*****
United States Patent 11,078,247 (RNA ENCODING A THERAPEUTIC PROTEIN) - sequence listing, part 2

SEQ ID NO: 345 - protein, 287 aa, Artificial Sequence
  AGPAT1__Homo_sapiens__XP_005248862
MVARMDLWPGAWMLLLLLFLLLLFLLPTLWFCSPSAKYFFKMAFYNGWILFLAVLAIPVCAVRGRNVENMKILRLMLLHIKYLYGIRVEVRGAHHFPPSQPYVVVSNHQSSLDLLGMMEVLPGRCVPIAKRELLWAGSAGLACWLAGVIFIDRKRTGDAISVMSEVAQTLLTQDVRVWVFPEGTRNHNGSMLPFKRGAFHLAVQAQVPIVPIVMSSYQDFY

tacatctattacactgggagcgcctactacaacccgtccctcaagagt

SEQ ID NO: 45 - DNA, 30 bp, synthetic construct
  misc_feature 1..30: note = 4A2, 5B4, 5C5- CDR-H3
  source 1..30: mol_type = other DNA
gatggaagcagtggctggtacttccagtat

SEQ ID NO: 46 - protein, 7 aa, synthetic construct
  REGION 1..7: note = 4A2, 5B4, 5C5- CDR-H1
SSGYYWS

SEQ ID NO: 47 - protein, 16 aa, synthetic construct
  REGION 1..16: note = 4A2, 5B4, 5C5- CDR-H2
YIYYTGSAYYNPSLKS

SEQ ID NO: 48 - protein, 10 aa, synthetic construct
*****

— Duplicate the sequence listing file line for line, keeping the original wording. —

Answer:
United States Patent 11,078,247 (RNA ENCODING A THERAPEUTIC PROTEIN) - sequence listing, part 2

SEQ ID NO: 345 - protein, 287 aa, Artificial Sequence
  AGPAT1__Homo_sapiens__XP_005248862
MVARMDLWPGAWMLLLLLFLLLLFLLPTLWFCSPSAKYFFKMAFYNGWILFLAVLAIPVCAVRGRNVENMKILRLMLLHIKYLYGIRVEVRGAHHFPPSQPYVVVSNHQSSLDLLGMMEVLPGRCVPIAKRELLWAGSAGLACWLAGVIFIDRKRTGDAISVMSEVAQTLLTQDVRVWVFPEGTRNHNGSMLPFKRGAFHLAVQAQVPIVPIVMSSYQDFY

tacatctattacactgggagcgcctactacaacccgtccctcaagagt

SEQ ID NO: 45 - DNA, 30 bp, synthetic construct
  misc_feature 1..30: note = 4A2, 5B4, 5C5- CDR-H3
  source 1..30: mol_type = other DNA
gatggaagcagtggctggtacttccagtat

SEQ ID NO: 46 - protein, 7 aa, synthetic construct
  REGION 1..7: note = 4A2, 5B4, 5C5- CDR-H1
SSGYYWS

SEQ ID NO: 47 - protein, 16 aa, synthetic construct
  REGION 1..16: note = 4A2, 5B4, 5C5- CDR-H2
YIYYTGSAYYNPSLKS

SEQ ID NO: 48 - protein, 10 aa, synthetic construct